The work-life merger

Life is about change. And one of the things that is changing most nowadays is the relationship between work and life. The era of sharp distinction between the two is over. No longer is it practical or beneficial to view work and your life separately. We are seeing less need for work-life balance and more need for work-life merger.

Not only are work and life merging, they are merging for good reasons. Trying to maintain two separate and distinct identities, one for life and one for business, benefits no one. Today, people want to make friends and do business with real people. The fact that you can get a two-fer by making a new business and social connection simultaneously at a favorite social networking site makes the life-work merger all but inevitable.

As founder and president of the Indie Business Network, I field email messages and phone calls in astonishing numbers. It is not uncommon for a new member to join IBN, and then ask 2 or 3 questions within an hour of membership activation so they can settle in and find their way around. I (or my assistant) always answer these emails, usually on the same day. Sometimes, it's easier to call so I do that.

Such was the case last week when a new member with a lot of questions joined IBN. After answering about 6 of 7 of her email inquiries within the span of about 48 hours, she emailed this:Do you ever have a day off?

I wrote back, explaining that all my days are days off. I don't work. I simply set goals and then take steps to achieve them. Because I own and manage a business from my home, my business and life goals are often intertwined. For example, I may edit and publish a blog post while waiting in the lobby as my daughter takes a dance class. Or I may sit at my laptop for 8 hours in one day so I can attend meetings, plan collaborations, process member applications, set up radio shows, etc. None of this is work. It's simply steps I take in order to achieve specific goals.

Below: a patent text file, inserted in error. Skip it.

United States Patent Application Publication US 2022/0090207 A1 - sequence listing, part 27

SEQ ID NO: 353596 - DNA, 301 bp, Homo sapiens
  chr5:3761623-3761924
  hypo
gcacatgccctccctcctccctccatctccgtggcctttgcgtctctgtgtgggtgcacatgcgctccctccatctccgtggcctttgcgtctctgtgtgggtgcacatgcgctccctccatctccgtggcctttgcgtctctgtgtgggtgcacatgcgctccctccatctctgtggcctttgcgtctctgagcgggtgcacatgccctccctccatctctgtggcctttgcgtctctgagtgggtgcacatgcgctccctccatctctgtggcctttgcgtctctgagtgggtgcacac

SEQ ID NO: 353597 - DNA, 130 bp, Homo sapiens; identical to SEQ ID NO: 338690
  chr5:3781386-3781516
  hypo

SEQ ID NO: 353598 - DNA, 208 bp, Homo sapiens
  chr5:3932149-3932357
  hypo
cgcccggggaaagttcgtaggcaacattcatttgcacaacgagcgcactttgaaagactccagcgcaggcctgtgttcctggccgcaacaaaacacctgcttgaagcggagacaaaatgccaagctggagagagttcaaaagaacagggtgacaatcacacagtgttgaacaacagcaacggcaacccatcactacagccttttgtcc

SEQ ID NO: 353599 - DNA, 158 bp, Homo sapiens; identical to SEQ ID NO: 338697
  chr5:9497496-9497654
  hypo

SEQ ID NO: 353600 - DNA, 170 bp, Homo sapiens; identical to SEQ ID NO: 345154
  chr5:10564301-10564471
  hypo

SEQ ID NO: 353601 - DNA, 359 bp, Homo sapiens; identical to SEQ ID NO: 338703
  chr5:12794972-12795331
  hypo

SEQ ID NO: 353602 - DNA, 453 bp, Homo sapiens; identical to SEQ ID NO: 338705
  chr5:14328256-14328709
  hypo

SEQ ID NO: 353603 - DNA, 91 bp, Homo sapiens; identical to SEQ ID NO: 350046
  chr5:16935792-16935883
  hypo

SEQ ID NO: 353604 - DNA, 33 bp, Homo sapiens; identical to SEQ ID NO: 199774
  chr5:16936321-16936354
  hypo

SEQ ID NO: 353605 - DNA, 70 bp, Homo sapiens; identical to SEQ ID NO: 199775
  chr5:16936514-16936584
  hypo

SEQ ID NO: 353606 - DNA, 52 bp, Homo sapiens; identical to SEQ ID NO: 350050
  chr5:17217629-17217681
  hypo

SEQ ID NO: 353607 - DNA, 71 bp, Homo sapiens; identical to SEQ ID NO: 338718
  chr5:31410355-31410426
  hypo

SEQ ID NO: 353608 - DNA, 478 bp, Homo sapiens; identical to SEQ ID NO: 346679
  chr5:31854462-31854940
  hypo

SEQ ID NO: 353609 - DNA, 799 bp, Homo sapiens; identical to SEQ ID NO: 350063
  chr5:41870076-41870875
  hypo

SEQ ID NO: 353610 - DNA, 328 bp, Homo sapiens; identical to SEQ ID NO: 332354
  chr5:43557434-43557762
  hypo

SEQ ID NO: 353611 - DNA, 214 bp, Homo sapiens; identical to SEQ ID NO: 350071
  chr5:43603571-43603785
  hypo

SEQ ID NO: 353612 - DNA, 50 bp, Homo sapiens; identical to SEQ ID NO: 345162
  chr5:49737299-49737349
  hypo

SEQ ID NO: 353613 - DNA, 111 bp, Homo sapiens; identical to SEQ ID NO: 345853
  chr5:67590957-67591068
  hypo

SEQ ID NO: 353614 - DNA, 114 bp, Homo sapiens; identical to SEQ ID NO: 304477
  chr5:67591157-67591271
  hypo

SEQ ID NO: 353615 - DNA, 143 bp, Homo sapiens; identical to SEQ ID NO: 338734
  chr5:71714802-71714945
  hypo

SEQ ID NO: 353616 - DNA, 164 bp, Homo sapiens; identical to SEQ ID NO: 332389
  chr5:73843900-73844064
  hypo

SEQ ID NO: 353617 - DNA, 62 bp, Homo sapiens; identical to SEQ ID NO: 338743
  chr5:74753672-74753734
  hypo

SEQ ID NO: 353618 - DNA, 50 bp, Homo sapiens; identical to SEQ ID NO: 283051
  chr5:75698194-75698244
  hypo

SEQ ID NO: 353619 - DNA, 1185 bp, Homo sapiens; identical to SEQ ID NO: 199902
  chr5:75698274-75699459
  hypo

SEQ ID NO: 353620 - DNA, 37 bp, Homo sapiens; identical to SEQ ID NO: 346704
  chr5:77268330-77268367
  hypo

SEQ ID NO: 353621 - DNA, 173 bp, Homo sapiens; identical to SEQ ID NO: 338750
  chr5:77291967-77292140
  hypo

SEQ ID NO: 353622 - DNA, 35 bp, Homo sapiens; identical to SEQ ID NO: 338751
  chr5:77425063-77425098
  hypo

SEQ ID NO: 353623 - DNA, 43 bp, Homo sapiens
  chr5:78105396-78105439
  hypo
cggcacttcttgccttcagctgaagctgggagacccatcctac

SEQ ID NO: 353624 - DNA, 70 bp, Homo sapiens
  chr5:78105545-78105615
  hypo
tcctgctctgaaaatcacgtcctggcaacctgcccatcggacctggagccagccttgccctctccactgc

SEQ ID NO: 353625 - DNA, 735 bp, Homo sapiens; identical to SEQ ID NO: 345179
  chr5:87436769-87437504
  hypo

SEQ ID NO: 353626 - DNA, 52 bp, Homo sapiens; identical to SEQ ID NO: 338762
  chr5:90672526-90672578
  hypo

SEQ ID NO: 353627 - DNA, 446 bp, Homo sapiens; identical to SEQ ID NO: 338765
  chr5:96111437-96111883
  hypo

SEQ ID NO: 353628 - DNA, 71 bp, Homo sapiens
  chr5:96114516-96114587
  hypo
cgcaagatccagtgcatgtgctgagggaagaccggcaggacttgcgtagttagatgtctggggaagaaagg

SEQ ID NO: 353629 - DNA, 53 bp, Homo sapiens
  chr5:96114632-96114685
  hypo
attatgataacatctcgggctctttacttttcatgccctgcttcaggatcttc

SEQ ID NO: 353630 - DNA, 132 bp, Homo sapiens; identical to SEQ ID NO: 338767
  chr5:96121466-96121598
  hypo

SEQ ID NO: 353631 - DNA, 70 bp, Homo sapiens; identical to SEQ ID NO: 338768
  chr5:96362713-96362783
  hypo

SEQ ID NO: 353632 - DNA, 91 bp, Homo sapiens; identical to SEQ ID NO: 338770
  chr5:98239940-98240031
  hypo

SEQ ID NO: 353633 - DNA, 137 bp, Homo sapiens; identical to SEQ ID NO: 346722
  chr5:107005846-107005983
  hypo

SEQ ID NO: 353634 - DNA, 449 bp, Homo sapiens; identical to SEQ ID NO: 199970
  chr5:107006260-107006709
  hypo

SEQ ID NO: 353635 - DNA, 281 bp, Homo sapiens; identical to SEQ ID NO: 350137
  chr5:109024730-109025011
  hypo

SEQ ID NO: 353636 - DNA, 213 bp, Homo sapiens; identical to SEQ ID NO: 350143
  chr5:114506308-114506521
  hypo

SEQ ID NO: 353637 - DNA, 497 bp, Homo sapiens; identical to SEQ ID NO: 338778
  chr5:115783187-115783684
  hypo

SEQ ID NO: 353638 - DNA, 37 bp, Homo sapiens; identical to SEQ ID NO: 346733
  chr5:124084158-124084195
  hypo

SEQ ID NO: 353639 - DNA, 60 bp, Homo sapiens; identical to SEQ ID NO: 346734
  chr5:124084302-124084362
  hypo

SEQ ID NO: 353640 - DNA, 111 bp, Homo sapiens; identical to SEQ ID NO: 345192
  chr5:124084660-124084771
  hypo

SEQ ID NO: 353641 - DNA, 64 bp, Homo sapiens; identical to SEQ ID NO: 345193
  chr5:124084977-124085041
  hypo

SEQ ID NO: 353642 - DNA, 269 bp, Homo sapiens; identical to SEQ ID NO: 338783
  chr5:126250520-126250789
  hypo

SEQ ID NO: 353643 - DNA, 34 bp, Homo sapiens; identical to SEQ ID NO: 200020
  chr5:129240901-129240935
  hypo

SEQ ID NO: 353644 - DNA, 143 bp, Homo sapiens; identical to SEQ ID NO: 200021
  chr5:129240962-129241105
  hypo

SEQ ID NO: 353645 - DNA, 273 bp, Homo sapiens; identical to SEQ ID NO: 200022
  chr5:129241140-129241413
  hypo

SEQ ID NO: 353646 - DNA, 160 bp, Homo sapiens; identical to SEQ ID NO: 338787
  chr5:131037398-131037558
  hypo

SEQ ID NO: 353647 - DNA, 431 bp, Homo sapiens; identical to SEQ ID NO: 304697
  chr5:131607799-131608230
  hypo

More and more, people are looking for ways to merge work and life into a homogeneous whole that helps them enjoy life more. I don't think this spells the end to traditional jobs. However, as fewer and fewer traditional jobs are available, I believe it will eventually be the youngest people in our society who hold most of them. This almost has to happen since middle managers are a dying breed.

Once a young person is trained in how business works, it's a simple and logical step for him or her to “retire” from the traditional work force and start a business as I did. Some will return to traditional work if an offer is appealing enough, but only after they've sold their business and no longer need to work for a living, or have grown their business to the point where they can oversee operations and work; full-time without much trouble. Along the way, their most prolific and intimate relationships will be forged and merged into the integrated whole of their lives.

Question: I know you own a business. I know you own it in part to make a profit. I know you spend hours a day on the phone, in a manufacturing arena and using various social marketing outlets. I know you are busy.

    But do you work?

I cannot wait to see the responses!

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About Donna Maria Coles Johnson

Donna Maria is an author, podcaster, attorney, and the founder and CEO of the Indie Business Network, providing affordable product liability insurance and mentoring. Donna Maria teaches Makers and Creative Entrepreneurs how to use technology and community to build a profitable, sustainable business.